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Saturday, 9 March 2019

REVIEW: My Mental Breakdown: A Musical at North Shields – The Exchange


My Mental Breakdown: A Musical
North Shields – The Exchange
Friday 8th - Saturday 9th March 2019

My Mental Breakdown: A Musical is a gritty revealing new writing that uses the format of a musical to present a tale usually reserved for a straight drama.

The production opens with the cast of four, loudly reciting the internal monologue normally reserved as private thoughts for an individual trying to cope with depression. For example, nagging doubts, the inability to focus or concentrate – time flying by, but little work is done. This may be a musical but it has no intentions of following the regular format of a conventional musical – indeed it is a while before the first number.

Toby (Scott Thomas) is moving out of his mother’s home. It is clear that his relationship with his mother has not been an easy one of late. His mother (Bethan Amber) makes it clear that he doesn’t have to leave.  As he leaves, the offer of his father’s copy of the Bible is the starting gun for a well-worn argument about faith and relying on a higher being to sort problems out.  This also leads into one of the opening numbers. The venue has been arranged with the musicians on the usual stage and the theatrical action taking place in the area normally used by the stalls seating, with seating on 3 sides. The band comprises of a piano (played by writer/director Max Kingdom), Guitar (performed by the show’s producer Emily Fay Palmer-Giles) and percussion (Joey Swindles). Whilst given some amplification their accompaniment doesn’t drown out the unamplified voices of the cast. It’s worth noting that using a small band will make this an easier show to tour later in the year.

Adding to Toby’s anguish are the problems of trying to make his relationship with Griff (Afnan Prince Iftikhar) work.  The story also explores the paradox that Toby needs support but by showing he cares enough to seek medical attention he also shows that he is a lower priority case for the overstretched health professionals. Completing the cast is Kitty Parkins who comes across as Toby’s sub-consciousness – his inner demon. Mental illness doesn't respect love and relationships and the piece captures how it can drive a stake between family and lovers.

The stark staging of 4 chairs around a table matches the stark story.  The lack of embellishments helped the audience focus on the narrative.

The production starts off very loud and at times shouty as Toby is surrounded by his small support network but, just before and after the interval, we get some much quieter solo numbers. For example, Bethan Amber delivers raw emotion as she describes the feelings of a worried mother. This is not a “stagey” mother delivering a big musical number, and I’m thinking Blood Brothers here, but the more visceral mother who is beside herself with worry, like a 60s Ken Loach drama. The fragility in Afnan Prince Iftikhar’s number added a much-needed dynamic to the story at that point.  That channelled raw emotion is a key strength, given by all 4 members of the cast, of this production.  There is a believability in the cast. At any one moment two performers could be arguing in the centre of the stage but the other two are reflecting the feelings of the action.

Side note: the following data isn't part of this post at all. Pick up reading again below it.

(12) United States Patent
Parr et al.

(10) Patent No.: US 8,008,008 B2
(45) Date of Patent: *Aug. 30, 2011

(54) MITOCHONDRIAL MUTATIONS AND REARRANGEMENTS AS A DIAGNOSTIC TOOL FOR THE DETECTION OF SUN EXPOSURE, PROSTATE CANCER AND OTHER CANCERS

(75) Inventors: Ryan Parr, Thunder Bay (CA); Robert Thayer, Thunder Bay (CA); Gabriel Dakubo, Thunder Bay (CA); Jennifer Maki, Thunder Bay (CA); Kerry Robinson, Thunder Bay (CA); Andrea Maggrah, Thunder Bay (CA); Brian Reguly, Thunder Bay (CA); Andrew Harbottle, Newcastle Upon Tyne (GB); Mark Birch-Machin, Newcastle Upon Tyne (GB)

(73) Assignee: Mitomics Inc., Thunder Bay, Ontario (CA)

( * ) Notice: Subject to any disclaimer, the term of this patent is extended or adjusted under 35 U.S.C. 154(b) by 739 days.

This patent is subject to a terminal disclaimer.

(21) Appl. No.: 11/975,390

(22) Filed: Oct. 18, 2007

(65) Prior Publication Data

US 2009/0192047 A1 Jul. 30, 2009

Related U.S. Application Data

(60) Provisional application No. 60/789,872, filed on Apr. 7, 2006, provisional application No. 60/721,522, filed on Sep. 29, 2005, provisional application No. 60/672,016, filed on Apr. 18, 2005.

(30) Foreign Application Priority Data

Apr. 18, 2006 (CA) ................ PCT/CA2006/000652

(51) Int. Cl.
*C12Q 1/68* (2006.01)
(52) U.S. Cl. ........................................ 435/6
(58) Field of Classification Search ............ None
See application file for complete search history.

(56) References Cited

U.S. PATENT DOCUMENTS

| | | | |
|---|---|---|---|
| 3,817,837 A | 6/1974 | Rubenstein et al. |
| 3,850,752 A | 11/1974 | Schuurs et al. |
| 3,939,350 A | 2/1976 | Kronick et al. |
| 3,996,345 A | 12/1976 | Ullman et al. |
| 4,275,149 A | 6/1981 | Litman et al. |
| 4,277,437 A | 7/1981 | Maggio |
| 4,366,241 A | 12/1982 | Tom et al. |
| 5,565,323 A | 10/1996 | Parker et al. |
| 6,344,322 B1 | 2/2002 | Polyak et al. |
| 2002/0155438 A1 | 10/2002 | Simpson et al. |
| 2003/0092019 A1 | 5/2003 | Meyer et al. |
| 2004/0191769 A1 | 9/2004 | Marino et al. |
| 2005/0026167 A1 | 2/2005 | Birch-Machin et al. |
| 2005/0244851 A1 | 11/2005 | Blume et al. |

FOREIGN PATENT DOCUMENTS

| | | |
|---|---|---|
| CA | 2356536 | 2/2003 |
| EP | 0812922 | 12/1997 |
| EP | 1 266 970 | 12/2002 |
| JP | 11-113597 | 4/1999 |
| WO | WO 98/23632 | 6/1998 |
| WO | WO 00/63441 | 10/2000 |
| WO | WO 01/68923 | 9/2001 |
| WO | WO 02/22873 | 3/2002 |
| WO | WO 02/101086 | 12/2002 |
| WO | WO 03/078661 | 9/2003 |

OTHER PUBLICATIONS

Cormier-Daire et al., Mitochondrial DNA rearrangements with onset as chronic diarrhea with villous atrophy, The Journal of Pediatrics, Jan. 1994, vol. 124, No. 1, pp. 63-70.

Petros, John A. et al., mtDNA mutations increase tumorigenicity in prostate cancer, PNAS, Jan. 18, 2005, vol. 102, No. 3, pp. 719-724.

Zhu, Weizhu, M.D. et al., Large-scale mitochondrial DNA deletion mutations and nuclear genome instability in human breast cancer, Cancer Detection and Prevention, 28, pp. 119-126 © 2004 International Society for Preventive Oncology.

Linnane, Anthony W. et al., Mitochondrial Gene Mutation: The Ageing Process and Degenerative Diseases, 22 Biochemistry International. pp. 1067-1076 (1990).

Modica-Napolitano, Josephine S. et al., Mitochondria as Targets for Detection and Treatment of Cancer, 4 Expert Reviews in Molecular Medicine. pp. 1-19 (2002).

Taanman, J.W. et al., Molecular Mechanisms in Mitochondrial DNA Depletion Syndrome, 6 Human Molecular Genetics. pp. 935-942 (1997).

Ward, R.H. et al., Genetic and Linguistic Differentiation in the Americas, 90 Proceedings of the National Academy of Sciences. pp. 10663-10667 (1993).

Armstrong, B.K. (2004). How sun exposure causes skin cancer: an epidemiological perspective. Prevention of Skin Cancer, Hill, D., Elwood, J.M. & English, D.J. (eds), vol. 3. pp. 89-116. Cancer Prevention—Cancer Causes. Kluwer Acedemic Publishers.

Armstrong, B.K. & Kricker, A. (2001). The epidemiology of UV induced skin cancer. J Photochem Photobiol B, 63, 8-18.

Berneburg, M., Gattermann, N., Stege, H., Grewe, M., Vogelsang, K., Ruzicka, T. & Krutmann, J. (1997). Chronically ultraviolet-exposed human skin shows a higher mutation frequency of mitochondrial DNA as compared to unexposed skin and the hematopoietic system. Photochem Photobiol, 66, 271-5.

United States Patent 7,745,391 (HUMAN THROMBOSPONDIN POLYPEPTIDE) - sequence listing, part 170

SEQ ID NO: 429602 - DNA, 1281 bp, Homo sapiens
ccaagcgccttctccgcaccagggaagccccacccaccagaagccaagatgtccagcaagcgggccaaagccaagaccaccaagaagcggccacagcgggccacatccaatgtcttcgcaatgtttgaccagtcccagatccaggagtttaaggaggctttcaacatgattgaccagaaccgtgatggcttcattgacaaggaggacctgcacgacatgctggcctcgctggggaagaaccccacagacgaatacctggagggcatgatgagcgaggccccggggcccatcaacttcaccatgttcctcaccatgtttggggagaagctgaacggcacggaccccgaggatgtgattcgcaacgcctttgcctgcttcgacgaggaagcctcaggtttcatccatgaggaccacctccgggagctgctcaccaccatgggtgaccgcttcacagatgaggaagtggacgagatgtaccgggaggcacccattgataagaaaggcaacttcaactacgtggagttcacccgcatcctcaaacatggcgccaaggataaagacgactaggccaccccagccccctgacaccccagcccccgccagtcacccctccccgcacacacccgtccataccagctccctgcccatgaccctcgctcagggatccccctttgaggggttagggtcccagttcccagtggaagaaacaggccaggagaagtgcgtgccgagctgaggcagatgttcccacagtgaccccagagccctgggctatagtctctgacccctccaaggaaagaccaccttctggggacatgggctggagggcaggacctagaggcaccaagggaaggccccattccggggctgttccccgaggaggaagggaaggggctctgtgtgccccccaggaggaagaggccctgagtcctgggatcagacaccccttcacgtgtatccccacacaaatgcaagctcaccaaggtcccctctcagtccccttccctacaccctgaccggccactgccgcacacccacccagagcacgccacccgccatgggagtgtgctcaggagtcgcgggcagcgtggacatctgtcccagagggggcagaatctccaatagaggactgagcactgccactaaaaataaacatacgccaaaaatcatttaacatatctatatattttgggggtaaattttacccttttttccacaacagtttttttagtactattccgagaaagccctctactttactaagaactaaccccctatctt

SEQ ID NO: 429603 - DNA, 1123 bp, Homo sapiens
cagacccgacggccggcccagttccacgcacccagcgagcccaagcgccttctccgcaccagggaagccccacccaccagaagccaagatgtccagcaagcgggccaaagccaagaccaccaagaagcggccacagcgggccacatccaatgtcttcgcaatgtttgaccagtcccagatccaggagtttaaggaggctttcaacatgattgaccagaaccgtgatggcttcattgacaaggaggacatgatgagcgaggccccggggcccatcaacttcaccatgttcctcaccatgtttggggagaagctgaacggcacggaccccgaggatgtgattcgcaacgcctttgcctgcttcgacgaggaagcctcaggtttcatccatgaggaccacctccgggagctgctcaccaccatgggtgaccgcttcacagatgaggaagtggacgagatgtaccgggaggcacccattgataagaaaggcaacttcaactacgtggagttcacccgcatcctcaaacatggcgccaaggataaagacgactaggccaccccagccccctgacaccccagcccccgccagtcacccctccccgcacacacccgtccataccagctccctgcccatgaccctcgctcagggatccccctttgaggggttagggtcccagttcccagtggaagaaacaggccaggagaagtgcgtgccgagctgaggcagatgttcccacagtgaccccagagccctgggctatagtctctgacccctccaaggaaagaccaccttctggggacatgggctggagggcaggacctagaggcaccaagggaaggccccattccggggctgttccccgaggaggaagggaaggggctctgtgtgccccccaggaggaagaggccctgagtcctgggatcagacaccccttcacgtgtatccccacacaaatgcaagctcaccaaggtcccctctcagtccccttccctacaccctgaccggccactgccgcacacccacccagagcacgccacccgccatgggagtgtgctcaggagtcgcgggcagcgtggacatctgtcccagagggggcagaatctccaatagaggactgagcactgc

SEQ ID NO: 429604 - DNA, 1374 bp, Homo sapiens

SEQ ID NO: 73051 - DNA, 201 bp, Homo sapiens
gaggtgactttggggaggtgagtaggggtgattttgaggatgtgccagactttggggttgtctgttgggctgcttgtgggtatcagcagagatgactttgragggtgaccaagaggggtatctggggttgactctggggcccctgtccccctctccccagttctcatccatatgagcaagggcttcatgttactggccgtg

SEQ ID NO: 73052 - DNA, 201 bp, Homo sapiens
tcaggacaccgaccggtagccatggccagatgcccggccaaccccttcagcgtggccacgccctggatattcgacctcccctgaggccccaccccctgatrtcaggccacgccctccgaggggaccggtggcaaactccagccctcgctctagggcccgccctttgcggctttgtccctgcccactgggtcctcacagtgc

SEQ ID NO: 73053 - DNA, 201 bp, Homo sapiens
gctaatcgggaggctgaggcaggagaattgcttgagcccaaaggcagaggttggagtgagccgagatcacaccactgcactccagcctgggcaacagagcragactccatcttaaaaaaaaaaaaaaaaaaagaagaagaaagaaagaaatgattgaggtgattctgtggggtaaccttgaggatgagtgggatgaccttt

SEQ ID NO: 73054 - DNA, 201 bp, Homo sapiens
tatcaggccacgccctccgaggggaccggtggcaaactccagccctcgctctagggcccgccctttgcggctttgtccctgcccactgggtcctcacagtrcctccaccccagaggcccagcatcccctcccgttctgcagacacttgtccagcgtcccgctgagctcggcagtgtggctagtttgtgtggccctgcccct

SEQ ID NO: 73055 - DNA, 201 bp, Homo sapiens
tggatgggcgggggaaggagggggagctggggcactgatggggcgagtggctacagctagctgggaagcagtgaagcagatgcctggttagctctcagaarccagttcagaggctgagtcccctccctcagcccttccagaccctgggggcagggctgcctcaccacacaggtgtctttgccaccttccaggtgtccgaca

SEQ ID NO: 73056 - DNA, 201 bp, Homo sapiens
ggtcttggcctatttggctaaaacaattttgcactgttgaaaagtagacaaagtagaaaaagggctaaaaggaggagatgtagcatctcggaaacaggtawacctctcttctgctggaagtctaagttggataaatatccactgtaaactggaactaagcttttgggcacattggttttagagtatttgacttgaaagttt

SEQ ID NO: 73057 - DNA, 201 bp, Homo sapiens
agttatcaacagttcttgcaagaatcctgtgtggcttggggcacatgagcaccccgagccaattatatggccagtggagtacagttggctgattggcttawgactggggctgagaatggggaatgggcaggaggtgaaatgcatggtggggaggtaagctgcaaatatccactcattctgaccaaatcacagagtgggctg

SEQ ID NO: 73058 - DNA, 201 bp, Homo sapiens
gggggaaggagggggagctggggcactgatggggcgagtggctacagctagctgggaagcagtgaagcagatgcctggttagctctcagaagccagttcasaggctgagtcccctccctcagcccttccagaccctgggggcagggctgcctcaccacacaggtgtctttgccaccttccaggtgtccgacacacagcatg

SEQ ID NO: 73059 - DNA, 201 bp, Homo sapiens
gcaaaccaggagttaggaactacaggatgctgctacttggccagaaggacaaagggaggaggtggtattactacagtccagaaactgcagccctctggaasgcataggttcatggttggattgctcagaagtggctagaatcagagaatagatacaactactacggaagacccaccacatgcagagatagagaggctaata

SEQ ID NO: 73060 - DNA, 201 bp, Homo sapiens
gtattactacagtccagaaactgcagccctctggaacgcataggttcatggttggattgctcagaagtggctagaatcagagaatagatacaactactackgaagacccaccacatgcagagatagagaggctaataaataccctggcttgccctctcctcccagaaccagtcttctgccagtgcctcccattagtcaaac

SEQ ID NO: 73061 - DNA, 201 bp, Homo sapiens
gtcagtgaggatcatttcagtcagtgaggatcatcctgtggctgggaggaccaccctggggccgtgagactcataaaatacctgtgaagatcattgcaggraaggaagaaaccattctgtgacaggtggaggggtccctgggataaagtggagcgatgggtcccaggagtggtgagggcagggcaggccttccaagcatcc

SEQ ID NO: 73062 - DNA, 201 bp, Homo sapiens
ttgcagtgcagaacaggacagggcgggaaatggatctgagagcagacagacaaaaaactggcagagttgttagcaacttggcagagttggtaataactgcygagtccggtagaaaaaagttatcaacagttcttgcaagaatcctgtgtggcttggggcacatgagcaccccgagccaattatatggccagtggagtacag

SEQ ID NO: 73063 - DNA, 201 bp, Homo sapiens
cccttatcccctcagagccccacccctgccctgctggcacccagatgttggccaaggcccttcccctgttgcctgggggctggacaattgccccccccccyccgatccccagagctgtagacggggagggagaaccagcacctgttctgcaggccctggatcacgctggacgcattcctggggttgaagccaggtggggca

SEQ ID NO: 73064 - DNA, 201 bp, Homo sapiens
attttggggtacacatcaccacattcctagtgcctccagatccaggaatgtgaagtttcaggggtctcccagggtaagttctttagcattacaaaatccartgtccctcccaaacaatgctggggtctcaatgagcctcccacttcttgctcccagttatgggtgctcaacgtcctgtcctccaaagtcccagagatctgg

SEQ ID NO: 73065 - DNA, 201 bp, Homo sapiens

Central to the plot is Scott Thomas who goes through a journey as Toby. His character struggles to explain to those closest to him as he tries to make sense of his own demons. He is highly plausible as a young man facing difficulty.

So, this is a tough one. Powerful emotions of a genuine issue feed a tale that needs to be said. If Rent was to reflect the HIV/AIDS crisis at the time, then this show has the equally important role to open up the private misery of mental illness that we face today. In its current form the show  feels quite raw, but that probably adds to its strength. At the end, after the applause, the audience didn’t move from their seats – they sat, talked to each other – some cried. But they were talking, and that’s the point.

The plan is to take the show on tour. I hope it does. It deserves your support.

Review: Stephen Oliver

CONTENT WARNING: Themes of mental illness, suicide and self harm.

My Mental Breakdown: A Musical has been fully sponsored by London North Eastern Railway.

All Proceeds are going to Campaign against Living Miserably (CALM) who work tirelessly to help men who are feeling suicidal.  More information on this amazing charity can be found here: https://www.thecalmzone.net

On The Web:

Age:16+
Length:1.5 hours

Tickets: £10.00 (£8.00  Con) from the Exchange box office or www.ticketsource.co.uk/theexchange.


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